ASU partners with the Commonwealth Secretariat to widen support for coral reef management


October 18, 2021

To advance climate action and protect the world’s vital ecosystems, resources must be made accessible to those in conservation. In an effort to support expanded coral reef protection — an ecosystem integral to coastal communities and marine biodiversity — Arizona State University is partnering with the Commonwealth Secretariat to bring cutting-edge coral-mapping technology to the teams at the forefront of policy action.

Through their partnership, ASU and the Commonwealth Secretariat will provide governmental decision-makers and coastal managers with cutting-edge data from the Allen Coral Atlas: a tool mapping and monitoring the world’s tropical coral reefs in unprecedented detail, led by ASU. Allen Coral Atlas shows coral bleaching data in Papua New Guinea on Sept. 27, 2021. Download Full Image

The Commonwealth Secretariat is an intergovernmental organization connecting 54 Commonwealth countries in efforts to advance sustainable development, democracy and peace. In April 2018, the organization adopted the Commonwealth Blue Charter as a commitment from member countries to collaborate on ocean solutions.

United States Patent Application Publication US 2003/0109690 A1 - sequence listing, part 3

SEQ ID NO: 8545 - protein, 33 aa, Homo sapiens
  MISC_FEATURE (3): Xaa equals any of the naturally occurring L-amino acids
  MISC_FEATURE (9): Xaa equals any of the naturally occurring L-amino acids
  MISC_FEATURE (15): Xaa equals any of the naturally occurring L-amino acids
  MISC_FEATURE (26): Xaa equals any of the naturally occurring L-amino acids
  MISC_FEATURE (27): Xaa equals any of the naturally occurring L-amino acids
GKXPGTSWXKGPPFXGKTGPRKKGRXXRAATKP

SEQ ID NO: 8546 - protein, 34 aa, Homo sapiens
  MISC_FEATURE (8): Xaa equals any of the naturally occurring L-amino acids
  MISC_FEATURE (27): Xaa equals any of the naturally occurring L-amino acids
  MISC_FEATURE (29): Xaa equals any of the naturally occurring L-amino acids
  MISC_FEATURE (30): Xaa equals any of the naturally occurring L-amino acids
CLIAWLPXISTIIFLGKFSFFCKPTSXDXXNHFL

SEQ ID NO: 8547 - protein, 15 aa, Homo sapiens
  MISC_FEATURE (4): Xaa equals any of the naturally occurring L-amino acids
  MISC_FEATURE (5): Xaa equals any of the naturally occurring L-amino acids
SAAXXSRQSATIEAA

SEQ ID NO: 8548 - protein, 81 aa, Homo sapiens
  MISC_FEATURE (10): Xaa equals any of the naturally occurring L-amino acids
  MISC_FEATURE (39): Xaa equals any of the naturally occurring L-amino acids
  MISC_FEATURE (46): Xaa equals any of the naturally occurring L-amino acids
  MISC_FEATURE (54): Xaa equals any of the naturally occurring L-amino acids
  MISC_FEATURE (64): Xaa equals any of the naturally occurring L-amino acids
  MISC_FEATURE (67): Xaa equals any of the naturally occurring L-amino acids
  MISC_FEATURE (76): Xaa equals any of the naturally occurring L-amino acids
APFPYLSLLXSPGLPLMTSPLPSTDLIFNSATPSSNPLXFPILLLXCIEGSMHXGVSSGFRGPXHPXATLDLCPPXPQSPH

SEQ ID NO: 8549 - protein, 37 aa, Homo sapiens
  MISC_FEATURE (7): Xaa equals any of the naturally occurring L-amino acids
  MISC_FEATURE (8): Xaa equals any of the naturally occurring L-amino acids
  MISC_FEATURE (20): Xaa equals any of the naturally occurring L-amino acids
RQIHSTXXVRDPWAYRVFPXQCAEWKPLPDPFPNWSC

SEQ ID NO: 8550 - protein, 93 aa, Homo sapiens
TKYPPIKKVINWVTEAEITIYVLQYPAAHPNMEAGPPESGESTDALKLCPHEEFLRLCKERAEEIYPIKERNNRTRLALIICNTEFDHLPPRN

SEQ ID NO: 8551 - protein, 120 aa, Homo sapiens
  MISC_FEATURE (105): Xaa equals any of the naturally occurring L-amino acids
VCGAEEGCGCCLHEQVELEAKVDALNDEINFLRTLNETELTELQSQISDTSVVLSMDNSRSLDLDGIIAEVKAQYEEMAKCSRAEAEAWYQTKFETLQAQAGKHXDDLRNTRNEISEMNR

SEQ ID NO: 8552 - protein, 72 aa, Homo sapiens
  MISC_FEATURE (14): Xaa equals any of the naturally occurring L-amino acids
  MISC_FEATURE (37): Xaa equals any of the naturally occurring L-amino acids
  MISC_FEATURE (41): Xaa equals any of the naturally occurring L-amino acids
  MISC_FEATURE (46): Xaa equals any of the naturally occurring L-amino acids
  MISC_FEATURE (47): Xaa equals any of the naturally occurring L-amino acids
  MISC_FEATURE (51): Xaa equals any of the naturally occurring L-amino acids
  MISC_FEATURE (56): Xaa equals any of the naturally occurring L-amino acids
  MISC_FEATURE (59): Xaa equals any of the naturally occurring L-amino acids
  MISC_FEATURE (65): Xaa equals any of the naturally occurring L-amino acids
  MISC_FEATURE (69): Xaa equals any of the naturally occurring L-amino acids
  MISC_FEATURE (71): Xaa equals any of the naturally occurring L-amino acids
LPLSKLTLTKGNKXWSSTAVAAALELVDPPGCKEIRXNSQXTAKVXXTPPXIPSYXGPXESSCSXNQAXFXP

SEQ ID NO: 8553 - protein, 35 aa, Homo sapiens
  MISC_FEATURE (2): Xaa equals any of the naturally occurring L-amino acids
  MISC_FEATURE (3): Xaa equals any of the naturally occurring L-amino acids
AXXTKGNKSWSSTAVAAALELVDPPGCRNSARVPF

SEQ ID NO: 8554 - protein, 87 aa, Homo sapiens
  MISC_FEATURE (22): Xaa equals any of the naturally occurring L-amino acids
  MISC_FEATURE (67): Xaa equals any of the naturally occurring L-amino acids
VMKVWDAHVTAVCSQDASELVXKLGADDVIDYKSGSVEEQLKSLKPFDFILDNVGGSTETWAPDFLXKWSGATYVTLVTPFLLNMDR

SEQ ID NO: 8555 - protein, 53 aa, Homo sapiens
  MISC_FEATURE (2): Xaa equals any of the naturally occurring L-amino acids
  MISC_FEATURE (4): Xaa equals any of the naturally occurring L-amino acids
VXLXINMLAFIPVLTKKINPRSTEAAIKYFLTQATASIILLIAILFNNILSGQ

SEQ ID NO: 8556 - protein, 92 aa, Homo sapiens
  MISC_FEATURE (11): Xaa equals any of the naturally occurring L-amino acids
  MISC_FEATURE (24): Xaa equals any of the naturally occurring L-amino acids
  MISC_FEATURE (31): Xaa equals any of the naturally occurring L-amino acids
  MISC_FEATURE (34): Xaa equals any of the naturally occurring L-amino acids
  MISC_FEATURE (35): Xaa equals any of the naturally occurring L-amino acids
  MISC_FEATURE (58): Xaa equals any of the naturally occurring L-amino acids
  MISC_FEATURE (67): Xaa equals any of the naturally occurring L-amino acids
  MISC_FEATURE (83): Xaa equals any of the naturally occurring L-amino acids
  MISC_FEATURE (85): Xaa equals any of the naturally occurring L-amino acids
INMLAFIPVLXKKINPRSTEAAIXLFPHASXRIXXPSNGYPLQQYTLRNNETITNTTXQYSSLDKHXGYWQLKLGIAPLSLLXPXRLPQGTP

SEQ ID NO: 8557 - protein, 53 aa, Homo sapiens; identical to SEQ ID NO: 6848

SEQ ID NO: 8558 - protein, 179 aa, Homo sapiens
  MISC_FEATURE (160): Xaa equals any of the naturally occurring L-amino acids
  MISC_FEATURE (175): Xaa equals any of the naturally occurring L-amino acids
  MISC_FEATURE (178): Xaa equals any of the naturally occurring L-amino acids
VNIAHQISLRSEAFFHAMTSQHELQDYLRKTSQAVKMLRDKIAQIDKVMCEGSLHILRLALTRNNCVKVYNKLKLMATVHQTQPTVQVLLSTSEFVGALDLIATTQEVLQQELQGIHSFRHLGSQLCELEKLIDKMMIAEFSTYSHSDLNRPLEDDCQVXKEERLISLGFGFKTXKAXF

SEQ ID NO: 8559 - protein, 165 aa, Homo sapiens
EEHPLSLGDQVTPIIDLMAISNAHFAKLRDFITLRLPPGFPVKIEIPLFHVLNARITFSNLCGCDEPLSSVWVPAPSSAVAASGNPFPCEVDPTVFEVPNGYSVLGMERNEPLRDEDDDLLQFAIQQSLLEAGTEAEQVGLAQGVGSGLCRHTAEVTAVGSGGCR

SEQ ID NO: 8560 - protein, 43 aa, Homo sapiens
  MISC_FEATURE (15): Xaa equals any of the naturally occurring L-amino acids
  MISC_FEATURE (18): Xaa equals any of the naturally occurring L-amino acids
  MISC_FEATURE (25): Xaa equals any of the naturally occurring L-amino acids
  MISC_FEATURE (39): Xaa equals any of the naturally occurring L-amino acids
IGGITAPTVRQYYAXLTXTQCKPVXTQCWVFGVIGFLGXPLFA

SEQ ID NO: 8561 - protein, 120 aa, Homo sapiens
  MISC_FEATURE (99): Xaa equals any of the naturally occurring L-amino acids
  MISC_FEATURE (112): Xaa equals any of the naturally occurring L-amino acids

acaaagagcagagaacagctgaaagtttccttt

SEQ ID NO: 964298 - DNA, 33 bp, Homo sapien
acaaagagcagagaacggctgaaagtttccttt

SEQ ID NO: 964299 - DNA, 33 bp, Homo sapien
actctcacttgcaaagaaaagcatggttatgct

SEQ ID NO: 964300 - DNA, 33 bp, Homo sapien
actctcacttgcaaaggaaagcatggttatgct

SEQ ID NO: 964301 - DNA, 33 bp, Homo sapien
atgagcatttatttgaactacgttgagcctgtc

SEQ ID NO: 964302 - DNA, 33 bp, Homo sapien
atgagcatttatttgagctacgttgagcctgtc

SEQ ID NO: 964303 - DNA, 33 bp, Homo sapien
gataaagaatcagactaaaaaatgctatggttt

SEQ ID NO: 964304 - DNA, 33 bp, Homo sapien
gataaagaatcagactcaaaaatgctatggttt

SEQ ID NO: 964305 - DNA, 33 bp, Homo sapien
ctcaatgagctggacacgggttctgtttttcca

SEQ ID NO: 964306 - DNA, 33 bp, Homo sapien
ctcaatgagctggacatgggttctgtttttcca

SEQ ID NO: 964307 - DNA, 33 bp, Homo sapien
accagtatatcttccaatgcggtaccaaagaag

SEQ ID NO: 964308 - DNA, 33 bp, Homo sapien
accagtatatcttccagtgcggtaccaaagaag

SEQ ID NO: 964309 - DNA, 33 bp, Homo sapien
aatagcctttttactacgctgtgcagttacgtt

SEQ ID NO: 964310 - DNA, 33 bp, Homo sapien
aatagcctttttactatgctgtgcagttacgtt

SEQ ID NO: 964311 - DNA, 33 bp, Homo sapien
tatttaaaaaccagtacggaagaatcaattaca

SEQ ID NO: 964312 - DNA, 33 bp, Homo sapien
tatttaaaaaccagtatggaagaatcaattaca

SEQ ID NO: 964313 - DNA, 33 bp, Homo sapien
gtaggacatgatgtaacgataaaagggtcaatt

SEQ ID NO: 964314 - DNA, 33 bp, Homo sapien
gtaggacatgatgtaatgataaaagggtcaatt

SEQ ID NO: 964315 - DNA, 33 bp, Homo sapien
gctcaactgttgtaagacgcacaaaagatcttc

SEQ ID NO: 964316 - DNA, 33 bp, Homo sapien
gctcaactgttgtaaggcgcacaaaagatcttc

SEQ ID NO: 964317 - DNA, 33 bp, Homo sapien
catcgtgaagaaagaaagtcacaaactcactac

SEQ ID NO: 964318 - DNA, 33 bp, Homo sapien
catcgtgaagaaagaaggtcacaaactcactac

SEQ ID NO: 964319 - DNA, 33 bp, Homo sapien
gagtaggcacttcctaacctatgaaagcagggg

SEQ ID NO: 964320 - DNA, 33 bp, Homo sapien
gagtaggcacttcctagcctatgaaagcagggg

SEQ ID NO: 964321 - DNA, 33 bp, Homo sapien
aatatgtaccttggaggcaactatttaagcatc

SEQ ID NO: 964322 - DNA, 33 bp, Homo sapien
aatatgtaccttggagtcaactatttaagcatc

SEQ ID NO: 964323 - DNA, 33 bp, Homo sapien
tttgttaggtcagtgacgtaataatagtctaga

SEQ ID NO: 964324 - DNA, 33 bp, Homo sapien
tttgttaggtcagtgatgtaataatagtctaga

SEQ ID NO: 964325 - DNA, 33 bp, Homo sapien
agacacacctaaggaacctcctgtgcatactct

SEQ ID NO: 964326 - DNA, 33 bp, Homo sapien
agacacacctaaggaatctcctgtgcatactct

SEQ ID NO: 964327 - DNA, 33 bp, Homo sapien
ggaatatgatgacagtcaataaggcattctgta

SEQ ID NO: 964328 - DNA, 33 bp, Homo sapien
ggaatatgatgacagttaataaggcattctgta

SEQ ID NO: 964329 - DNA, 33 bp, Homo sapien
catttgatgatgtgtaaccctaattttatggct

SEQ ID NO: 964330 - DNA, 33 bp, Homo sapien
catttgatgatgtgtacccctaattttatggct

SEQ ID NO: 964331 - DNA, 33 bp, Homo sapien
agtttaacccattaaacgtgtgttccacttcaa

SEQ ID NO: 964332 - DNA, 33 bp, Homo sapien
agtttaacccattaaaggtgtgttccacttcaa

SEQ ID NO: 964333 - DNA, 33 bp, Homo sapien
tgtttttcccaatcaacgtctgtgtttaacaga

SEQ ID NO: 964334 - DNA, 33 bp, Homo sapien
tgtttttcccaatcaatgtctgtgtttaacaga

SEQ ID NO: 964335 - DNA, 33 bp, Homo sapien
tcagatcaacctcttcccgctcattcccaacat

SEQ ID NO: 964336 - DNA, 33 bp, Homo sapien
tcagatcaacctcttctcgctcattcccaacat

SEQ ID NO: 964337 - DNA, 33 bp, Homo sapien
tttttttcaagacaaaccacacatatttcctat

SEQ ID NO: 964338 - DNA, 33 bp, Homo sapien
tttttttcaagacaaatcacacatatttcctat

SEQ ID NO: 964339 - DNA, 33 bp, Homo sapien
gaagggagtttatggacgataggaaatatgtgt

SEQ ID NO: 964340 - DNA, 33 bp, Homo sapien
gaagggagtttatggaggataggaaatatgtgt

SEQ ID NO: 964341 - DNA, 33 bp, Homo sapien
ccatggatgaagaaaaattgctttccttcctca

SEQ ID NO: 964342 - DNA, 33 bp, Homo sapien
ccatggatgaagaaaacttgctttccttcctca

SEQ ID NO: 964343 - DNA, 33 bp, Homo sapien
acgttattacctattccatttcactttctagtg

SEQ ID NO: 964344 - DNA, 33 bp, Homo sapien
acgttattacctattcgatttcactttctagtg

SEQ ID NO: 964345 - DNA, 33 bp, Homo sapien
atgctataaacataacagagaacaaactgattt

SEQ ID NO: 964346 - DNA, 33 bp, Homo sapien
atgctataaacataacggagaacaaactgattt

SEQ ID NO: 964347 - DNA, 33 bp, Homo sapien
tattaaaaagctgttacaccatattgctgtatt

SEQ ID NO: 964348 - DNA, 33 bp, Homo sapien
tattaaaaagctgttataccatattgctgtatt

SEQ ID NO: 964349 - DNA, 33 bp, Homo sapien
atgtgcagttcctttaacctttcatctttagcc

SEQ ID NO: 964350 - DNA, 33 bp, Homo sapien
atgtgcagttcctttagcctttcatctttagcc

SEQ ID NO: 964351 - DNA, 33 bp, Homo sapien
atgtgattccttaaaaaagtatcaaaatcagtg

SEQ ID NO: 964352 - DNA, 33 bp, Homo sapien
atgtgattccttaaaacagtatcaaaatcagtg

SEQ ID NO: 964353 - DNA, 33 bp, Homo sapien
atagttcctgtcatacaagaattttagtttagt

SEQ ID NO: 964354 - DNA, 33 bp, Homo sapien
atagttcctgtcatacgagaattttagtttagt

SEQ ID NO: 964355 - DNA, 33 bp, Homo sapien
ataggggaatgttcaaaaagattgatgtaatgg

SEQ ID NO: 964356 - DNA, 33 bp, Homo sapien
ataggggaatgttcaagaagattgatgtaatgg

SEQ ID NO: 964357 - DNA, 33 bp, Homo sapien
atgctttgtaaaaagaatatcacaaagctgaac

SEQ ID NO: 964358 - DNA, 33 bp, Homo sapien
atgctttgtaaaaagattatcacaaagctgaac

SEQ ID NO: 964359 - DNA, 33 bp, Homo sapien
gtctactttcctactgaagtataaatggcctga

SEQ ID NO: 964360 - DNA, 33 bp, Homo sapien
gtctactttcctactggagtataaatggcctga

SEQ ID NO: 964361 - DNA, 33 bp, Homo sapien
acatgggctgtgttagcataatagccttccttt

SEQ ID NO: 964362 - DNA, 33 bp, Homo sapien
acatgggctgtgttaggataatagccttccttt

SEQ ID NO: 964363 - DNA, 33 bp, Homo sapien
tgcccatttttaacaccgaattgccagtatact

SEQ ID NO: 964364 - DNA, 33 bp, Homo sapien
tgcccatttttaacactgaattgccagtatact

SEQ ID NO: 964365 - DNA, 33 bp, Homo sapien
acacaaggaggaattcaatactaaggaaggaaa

“The Commonwealth is home to 45% of the world’s tropical coral reefs, which act as vital reservoirs of marine life and biodiversity, natural sea defenses, and a source of life and livelihood for millions of people. However, they are severely threatened by global warming and other human pressures.” said Paulo Kautoke, senior director for trade, oceans and natural resources at the Commonwealth Secretariat. “This initiative will provide Commonwealth countries with essential geographic data and ecosystem health information to protect and manage their coral reefs in a sustainable manner. The Commonwealth Blue Charter action groups can also facilitate learning and help member countries make the most effective use of this information.”

Earlier this year, the Allen Coral Atlas added a groundbreaking new feature to monitor coral bleaching by using satellite images to detect whitening on the seafloor. Bleaching is driven by climate change, pollution and other stressors, and it occurs when marine heat waves cause coral to expel algae and lose their color.

To push adoption of the groundbreaking tool, the Commonwealth Secretariat will soon be launching online training modules for coral managers and technicians in member countries to learn how to use the Allen Coral Atlas to map local reefs, study bleaching trends and feed this data into policy and decision-making processes.